A recent Governing article, “The Bad Things That Happen When States Tell Cities What to Do,” features an interview with University of Virginia law professor Richard Schragger on his book, City Power: Urban Governance in a Global Age.
One of the major things Schragger’s book argues against is state preemption—ad in general, Schragger is interested in re-articulating the appropriate constitutional relationship between cities and states. He’s also expressed skepticism about regionalism as a viable strategy for equalizing the resources between cities and suburbs.
So, Schragger’s view is that state and federal land use interventions are typically disastrous—citing urban renewal and the Mount Laurel doctrine as examples. His concern is that state preemption will be used to override local opposition in a way that promotes market-rate developers at the expense of low-income urban neighborhoods, and that local reform to zoning needs to be driven by affordable housing coalitions and activists at the local level.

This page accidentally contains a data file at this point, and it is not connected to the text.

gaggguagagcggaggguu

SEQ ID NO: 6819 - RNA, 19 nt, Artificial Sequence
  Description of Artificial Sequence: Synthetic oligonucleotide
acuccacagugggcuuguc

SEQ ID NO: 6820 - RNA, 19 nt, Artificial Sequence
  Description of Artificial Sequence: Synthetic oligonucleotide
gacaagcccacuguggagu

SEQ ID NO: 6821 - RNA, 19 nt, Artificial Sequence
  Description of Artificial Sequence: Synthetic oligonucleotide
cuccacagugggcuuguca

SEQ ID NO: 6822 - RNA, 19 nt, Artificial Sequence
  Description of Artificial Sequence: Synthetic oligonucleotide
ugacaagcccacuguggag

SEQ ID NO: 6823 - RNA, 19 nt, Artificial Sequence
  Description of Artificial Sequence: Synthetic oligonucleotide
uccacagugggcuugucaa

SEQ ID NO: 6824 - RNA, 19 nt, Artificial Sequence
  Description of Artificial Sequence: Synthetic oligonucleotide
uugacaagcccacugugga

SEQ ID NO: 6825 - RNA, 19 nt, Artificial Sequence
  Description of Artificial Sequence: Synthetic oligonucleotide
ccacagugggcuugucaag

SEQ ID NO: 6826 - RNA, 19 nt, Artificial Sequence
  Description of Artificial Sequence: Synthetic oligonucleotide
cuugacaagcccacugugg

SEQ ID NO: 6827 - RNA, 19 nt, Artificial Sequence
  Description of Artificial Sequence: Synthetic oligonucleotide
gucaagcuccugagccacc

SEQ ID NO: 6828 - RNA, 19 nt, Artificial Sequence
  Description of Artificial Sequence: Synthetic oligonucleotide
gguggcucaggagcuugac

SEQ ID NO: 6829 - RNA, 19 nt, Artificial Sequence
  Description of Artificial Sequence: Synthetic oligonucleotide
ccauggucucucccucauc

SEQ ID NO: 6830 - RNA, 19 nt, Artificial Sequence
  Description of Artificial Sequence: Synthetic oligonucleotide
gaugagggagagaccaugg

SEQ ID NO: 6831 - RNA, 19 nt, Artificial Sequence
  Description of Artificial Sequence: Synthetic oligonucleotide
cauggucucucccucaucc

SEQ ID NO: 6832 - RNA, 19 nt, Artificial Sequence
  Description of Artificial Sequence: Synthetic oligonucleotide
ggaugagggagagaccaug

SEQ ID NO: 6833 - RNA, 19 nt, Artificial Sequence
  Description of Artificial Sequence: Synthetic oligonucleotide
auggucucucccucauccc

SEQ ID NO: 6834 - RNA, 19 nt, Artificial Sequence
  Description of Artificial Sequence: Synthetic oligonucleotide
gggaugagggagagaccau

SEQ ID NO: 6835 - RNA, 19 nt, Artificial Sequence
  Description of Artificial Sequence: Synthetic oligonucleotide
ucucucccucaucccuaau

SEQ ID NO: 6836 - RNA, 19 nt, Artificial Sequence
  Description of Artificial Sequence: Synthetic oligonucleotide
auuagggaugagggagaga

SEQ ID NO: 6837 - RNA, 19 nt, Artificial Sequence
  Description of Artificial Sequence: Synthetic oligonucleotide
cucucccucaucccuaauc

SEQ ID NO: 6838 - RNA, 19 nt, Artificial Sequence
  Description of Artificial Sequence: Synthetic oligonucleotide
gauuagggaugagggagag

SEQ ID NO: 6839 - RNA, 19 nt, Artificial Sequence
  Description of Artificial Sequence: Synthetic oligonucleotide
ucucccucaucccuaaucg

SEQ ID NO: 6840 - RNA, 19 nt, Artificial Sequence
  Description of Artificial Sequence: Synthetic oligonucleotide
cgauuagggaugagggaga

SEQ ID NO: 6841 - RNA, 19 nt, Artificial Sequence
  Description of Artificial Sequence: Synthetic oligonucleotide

State preemption is a controversial issue in the planning world, and one can’t make a blanket statement on whether it’s good or bad. Nevertheless, on today’s episode of Upzoned, host Abby Kinney and co-host Chuck Marohn talk about whether or not there is a Strong Towns stance on the subject of state preemption.